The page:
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Christology Without Fig Leaves

A contemporary focus on the relativity of perspective has stripped Christology of some modern epistemological “fig leaves.” This exposure has forced the focus of Christology back to its apostolic roots in confession and biblical genres in expression. This renewed focus has been manifested in Triune perspectives of Christian identity and witness. The unit gives attention to this shift in a context of modern challenges to Christian faith and theological opportunities for contemporary expressions of Christian identity and witness.

Lecturer: Refer to Timetable
Offered: Refer to Timetable
Delivered: Face-to-face

Undergraduate: Level 2 or 3
Postgraduate: Level 9 elective

Discipline: Field C (Systematic Theology)

Level 2: 1 unit in Systematic Theology
Level 2: 3 units in Systematic Theology
Level 9: 1 unit in Field C

Learning Outcomes: 

Upon successful completion of this unit, students will be able to:

  1. Identify significant features of modern epistemologies, their challenges to Christian faith and perceived influences on expressions of Christology;
  2. Develop interpretive approaches to apostolic sources for Christology and its expressions applicable to contemporary life.
  3. Demonstrate a capacity to work with diverse biblical genres in giving expression to Christian identity and witness.
  4. Level 2: Identify contemporary expressions of Christian identity and witness that are shaped by an intentional focus on Christology and Trinity.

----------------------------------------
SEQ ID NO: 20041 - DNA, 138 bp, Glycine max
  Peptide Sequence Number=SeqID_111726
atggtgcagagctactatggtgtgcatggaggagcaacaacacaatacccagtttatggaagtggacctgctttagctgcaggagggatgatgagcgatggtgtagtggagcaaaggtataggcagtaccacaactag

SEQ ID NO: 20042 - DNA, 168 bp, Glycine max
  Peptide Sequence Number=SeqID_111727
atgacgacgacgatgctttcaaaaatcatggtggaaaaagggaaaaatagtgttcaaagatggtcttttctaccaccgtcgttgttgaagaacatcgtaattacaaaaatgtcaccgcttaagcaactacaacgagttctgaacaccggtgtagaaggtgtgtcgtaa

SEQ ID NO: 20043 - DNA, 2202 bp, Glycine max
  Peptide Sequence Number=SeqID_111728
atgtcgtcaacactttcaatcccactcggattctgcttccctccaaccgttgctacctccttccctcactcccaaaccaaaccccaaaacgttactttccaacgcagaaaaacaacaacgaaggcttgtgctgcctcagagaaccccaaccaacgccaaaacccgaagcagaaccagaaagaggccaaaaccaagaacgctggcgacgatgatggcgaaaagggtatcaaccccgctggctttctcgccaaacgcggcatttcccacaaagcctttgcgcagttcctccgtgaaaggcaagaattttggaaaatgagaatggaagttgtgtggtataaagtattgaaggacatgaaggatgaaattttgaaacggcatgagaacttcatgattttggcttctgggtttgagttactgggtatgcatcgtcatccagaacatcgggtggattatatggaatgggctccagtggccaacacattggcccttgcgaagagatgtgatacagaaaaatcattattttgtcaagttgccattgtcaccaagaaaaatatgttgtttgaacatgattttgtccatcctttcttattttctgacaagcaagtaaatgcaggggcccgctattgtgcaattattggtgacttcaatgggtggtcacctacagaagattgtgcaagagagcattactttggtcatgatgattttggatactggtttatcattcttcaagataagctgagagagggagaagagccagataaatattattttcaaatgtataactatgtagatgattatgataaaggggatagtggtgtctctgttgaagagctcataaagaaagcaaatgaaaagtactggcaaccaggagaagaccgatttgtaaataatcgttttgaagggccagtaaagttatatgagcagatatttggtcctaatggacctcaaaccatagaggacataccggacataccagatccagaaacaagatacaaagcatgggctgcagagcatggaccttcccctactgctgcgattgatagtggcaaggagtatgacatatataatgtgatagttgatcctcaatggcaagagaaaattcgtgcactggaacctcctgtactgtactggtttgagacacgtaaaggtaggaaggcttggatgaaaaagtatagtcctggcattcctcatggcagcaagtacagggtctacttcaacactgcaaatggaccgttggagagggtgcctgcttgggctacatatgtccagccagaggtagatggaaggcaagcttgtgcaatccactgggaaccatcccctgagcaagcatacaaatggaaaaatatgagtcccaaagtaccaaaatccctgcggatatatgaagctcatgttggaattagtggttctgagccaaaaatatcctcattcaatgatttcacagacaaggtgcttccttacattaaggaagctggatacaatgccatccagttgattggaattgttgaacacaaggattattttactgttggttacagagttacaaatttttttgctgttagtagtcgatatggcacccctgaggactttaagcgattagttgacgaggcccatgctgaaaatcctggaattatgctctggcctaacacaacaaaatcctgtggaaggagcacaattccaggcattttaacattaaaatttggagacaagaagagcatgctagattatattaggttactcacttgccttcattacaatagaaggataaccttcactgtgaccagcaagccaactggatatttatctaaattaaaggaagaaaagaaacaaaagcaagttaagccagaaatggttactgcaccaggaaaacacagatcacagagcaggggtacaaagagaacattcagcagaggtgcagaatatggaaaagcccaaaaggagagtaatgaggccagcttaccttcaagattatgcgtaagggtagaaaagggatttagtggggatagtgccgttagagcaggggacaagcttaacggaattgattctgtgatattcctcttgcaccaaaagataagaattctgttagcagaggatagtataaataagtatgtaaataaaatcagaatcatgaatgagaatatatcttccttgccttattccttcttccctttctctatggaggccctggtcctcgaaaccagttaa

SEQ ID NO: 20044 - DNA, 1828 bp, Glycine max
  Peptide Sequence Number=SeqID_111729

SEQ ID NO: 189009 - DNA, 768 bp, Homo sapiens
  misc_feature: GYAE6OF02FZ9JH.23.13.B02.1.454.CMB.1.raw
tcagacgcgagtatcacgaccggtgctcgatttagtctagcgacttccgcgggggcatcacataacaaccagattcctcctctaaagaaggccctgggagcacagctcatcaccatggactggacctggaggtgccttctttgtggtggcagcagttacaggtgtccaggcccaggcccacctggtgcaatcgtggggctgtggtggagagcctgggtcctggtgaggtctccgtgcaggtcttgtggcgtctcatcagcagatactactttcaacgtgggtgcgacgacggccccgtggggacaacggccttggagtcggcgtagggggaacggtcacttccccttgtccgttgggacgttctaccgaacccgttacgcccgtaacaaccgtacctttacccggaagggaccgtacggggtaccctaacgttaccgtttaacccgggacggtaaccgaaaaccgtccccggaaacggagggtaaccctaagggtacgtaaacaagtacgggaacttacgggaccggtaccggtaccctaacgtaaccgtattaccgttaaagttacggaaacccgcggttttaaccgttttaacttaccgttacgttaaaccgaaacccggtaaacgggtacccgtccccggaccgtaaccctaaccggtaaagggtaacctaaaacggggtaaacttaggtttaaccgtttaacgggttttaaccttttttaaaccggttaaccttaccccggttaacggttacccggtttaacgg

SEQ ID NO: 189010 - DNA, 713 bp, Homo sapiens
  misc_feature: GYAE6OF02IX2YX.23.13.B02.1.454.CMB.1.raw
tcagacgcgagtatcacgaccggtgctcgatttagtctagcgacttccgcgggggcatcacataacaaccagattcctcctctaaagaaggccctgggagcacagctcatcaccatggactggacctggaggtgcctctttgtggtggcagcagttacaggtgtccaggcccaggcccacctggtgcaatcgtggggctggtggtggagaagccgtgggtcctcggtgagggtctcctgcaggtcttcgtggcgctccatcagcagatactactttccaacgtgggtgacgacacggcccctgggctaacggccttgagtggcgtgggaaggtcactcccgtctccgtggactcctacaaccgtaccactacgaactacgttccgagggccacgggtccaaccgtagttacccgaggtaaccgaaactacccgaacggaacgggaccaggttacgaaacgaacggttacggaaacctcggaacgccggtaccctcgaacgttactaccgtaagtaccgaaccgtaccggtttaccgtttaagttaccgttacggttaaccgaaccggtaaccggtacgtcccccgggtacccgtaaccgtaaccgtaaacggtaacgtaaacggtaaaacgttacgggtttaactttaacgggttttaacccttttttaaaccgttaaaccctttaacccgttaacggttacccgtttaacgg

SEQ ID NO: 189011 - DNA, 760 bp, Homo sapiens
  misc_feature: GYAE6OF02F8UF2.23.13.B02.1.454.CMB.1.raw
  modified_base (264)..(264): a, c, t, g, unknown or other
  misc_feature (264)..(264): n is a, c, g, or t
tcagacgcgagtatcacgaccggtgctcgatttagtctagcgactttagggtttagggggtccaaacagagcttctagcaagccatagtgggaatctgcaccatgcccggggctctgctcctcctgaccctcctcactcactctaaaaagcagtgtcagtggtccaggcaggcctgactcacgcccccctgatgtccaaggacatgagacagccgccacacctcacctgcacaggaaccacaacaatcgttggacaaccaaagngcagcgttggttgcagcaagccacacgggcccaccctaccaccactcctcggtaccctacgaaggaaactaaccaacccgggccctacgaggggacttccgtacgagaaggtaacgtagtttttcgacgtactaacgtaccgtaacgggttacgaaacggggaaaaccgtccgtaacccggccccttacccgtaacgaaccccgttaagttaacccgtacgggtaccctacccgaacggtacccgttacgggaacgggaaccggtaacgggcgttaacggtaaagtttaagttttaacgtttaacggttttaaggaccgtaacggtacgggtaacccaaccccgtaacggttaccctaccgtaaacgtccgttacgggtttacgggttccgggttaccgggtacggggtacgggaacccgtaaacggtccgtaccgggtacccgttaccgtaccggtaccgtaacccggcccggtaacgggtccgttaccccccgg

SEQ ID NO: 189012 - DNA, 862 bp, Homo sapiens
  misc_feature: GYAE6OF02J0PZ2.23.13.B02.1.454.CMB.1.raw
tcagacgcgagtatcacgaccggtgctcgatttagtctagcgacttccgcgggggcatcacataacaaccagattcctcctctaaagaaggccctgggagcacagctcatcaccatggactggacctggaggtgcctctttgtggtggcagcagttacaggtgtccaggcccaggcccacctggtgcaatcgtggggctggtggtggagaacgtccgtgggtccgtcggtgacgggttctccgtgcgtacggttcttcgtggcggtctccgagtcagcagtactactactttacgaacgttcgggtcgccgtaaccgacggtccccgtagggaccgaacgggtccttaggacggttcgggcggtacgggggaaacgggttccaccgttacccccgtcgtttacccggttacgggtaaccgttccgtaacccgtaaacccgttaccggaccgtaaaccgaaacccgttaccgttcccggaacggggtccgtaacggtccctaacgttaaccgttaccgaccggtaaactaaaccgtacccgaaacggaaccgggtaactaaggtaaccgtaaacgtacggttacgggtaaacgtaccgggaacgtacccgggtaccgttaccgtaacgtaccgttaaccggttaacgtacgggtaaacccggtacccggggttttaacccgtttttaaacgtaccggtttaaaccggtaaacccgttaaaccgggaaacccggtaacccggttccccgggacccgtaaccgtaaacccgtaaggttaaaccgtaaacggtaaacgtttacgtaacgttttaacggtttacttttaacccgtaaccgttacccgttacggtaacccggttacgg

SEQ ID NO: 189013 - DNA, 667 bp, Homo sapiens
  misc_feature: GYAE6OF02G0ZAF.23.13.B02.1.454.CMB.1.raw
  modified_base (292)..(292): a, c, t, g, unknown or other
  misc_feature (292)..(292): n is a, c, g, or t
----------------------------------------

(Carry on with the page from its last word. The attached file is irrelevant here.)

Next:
5. Level 3: Articulate contemporary expressions of Christian identity and witness that are shaped by an intentional focus on Christology and Trinity.
  6. Level 9:Display evidence of research skills for studies in modern historical sources for contemporary Christology.


Undergraduate: Level 2
2 x 1300 word essays 50%
4 x 600 word document studies 50%

Undergraduate: Level 3
1 x 2500 word essay 50%
4 x 650 word document studies 50%

Postgraduate: Level 9
1 x 3000 word essay 50%
1 x 750 word document studies 50%

Select Bibliography:

*Recommended reading

Barth, K. The Word of God and the Word of Man. Trans. Douglas Horton. Gloucester, Mass.: Peter Smith, 1978.
Greene C.J.D. Christology in Cultural PerspectiveMarking out the Horizons. Grand Rapids, Michigan: Eerdmans, 2004.
Harnack, A. What is Christianity? trans. Thomas Bailey Saunders, 3rd and rev. ed. London and New York: Williams and Norgate; G.P. Putman’s Sons, 1904.
Houlden, L. ed. JesusThe Complete Guide. London: Continuum, 2005.
Jenson, R.W. Systematic Theology Volumes 1 & II: The Triune God, Oxford: Oxford University Press, 1997 / 1999.
Jüngel, E. God as the Mystery of the World: In the Foundation of the Theology of the Crucified One in the Dispute between Theism and Atheism, trans. Darrell L. Guder, Grand Rapids and Edinburgh: Eerdmans and T&T Clark, 1983.
Kierkegaard, S. Philosophical Fragments, ed. and trans. Howard V. Hong and Edna H. Hong. Princeton, NJ: Princeton University Press, 1985.
Marion, J-L. Prolegomena to Charity, trans. Stephen E. Lewis, New York: Fordham University Press, 2002.
Marsh, C. Christ in Focus: Radical Christocentrism in Christian Theology, London: SCM, 2005.
Renan, E. The Life of Jesus, San Diego, CA.: Book Tree, 2007.
Taylor, C. A Secular Age. Cambridge MA: The Belknap Press of Harvard University, 2007.
Toulmin, S. CosmopolisThe Hidden Agenda of Modernity. Chicago: University of Chicago Press, 1990.
Von Balthasar HU. Love Alone is Credible, trans. D.C. Schindler. San Francisco: Ignatius Press, 2004.